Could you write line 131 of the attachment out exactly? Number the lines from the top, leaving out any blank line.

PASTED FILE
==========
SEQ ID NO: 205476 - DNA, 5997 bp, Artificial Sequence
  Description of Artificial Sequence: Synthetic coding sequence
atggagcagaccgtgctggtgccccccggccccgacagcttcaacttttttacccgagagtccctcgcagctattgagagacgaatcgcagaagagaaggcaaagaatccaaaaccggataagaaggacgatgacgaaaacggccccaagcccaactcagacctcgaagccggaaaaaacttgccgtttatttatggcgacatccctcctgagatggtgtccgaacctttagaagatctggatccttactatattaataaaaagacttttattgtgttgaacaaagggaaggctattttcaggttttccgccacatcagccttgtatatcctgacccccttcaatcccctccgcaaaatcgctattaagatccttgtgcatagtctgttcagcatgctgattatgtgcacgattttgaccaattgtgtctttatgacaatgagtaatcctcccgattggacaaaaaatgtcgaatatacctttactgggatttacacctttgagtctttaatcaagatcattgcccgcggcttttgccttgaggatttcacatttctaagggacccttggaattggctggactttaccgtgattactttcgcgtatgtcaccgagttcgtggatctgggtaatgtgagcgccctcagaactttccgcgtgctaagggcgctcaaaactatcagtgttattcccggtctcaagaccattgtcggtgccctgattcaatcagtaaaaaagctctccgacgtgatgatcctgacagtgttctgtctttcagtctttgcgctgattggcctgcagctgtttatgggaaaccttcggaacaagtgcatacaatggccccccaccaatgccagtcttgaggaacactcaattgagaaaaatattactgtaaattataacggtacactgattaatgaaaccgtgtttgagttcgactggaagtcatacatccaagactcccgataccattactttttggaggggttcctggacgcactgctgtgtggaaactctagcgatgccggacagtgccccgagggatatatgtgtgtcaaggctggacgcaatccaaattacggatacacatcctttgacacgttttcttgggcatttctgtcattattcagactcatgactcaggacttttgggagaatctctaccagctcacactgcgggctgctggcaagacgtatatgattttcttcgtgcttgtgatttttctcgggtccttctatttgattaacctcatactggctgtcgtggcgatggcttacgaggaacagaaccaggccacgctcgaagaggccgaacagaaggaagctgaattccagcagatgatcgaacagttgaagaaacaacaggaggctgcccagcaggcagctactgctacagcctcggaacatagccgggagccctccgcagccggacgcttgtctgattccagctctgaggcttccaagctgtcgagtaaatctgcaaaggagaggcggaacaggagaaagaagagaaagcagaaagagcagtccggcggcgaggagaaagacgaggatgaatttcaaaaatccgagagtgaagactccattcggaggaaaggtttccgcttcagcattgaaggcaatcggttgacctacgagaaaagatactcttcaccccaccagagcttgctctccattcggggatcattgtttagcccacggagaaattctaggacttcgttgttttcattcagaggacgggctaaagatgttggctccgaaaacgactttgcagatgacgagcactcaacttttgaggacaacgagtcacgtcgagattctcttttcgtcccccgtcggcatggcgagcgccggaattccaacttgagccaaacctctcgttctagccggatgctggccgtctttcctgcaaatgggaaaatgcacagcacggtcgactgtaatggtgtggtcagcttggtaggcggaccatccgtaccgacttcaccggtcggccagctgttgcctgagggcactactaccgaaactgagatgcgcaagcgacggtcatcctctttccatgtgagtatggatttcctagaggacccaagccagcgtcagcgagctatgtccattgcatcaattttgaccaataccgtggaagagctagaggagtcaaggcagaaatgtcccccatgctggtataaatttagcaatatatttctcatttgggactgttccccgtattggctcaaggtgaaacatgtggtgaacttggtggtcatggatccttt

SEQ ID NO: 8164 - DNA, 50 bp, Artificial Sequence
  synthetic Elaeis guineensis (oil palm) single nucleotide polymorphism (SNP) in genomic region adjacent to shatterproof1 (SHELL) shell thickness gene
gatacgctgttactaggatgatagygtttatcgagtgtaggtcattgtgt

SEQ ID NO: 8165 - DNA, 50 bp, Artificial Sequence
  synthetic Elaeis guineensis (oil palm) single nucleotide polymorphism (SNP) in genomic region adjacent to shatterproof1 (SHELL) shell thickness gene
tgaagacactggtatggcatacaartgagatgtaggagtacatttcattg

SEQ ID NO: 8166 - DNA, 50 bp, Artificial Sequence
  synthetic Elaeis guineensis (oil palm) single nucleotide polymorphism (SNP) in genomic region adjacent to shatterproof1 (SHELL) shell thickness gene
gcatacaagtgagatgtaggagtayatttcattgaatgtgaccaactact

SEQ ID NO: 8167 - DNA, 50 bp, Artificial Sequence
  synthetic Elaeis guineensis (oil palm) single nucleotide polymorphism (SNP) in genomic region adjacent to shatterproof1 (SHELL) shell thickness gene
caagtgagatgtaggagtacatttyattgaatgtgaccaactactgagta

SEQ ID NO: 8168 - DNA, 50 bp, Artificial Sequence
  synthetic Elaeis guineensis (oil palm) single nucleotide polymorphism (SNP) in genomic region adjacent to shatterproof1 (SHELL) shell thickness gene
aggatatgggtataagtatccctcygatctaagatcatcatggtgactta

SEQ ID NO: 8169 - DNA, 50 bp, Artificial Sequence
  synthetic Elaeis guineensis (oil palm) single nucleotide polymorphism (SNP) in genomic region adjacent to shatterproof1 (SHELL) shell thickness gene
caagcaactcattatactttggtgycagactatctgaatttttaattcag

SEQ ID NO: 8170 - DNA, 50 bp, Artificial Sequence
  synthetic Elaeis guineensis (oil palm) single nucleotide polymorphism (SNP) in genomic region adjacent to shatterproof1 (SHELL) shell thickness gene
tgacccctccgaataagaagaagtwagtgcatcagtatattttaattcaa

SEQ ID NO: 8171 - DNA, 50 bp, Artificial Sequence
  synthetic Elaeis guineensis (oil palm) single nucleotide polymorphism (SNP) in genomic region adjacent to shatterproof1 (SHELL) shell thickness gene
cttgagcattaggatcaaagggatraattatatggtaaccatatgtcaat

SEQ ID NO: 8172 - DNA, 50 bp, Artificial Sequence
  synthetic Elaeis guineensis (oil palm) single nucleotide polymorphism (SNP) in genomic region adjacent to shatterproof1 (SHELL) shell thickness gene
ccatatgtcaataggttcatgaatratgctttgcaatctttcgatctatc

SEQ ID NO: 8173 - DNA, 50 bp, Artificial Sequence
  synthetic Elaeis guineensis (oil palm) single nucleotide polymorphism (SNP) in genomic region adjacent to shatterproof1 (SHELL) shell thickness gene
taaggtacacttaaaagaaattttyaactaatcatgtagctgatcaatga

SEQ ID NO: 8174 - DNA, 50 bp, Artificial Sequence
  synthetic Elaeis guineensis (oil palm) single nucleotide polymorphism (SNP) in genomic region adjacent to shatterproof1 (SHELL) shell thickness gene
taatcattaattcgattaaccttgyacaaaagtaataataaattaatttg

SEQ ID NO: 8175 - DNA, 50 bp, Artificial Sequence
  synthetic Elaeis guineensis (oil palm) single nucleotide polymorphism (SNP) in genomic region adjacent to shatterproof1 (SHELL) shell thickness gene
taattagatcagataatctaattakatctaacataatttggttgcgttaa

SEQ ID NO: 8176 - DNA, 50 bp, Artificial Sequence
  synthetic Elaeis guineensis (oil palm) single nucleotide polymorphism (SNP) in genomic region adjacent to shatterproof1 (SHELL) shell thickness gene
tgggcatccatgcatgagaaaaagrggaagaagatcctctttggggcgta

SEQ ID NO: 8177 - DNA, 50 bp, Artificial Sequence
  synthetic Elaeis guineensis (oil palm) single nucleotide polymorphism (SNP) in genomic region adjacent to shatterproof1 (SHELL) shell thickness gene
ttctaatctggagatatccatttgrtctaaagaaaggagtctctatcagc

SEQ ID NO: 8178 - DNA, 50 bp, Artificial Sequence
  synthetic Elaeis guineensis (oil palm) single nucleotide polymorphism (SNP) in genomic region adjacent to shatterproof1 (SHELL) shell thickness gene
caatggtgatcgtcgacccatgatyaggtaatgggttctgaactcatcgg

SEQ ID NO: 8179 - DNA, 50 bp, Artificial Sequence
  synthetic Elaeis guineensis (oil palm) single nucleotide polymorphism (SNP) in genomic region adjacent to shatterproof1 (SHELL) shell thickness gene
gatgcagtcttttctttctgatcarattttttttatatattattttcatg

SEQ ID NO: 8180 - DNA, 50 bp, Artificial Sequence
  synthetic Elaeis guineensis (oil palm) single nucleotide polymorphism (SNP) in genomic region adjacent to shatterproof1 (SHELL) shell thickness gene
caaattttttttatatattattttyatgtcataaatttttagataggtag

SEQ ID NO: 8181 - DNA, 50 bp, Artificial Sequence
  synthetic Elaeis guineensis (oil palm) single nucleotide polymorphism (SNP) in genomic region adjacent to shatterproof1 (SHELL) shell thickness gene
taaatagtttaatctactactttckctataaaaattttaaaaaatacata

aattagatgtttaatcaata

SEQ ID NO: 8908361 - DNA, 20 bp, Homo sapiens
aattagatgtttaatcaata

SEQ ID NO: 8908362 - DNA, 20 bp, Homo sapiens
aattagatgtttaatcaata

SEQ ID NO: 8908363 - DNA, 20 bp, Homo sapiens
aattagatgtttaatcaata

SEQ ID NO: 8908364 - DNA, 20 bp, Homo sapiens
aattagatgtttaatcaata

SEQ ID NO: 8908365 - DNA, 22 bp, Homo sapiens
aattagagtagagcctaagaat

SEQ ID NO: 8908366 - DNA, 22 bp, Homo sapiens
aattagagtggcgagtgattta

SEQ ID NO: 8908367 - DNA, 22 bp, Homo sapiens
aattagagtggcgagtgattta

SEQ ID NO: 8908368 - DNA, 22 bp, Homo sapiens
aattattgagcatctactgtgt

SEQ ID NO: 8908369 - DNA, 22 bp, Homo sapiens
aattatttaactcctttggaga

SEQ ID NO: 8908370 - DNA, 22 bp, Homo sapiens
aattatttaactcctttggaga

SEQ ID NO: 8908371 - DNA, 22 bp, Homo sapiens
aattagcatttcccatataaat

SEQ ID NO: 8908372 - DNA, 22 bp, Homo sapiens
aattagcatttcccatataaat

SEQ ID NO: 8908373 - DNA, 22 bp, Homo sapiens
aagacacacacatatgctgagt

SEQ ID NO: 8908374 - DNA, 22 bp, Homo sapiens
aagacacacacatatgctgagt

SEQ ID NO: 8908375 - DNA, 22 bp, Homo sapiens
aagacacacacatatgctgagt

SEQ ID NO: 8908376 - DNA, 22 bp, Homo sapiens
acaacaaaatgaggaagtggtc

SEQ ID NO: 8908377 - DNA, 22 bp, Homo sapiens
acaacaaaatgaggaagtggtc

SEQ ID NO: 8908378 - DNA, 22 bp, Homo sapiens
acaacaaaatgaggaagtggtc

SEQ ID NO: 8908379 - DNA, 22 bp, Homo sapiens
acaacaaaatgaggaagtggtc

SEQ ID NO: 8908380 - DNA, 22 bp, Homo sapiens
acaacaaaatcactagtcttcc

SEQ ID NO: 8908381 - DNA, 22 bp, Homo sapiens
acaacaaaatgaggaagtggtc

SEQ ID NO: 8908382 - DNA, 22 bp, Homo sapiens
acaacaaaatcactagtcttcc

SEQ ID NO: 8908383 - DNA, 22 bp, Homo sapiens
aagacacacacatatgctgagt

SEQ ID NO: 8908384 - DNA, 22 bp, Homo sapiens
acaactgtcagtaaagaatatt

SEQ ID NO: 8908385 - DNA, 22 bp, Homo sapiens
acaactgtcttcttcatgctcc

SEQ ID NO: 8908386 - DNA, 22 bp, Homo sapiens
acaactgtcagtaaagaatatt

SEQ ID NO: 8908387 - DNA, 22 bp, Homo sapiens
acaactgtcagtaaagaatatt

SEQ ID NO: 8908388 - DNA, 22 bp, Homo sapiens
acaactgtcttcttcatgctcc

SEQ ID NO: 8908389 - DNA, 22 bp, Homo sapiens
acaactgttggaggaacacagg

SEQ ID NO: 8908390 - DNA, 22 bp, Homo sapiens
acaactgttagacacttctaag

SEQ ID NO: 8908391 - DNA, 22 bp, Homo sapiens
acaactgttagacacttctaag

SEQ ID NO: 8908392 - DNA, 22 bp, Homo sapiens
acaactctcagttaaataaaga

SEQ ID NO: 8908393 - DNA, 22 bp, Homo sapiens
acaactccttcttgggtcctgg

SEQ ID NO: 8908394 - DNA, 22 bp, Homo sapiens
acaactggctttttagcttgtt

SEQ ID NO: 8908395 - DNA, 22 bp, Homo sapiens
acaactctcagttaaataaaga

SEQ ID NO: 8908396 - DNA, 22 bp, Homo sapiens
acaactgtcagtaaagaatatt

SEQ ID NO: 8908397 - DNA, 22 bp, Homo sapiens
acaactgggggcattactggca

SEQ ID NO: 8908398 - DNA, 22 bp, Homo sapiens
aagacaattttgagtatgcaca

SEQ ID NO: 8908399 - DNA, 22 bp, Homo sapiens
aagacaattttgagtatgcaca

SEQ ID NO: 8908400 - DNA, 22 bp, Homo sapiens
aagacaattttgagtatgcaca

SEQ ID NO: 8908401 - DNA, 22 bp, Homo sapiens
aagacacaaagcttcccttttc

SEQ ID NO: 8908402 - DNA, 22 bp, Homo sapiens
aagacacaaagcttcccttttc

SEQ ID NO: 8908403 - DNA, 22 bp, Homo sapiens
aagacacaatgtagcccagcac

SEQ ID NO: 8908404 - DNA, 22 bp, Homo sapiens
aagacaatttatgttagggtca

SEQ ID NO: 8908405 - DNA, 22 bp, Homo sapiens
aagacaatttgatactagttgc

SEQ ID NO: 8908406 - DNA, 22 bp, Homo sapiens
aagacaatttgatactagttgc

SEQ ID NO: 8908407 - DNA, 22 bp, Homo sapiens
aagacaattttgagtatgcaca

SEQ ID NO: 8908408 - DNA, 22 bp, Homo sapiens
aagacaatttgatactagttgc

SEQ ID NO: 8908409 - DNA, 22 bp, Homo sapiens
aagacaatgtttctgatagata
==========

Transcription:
SEQ ID NO: 8908397 - DNA, 22 bp, Homo sapiens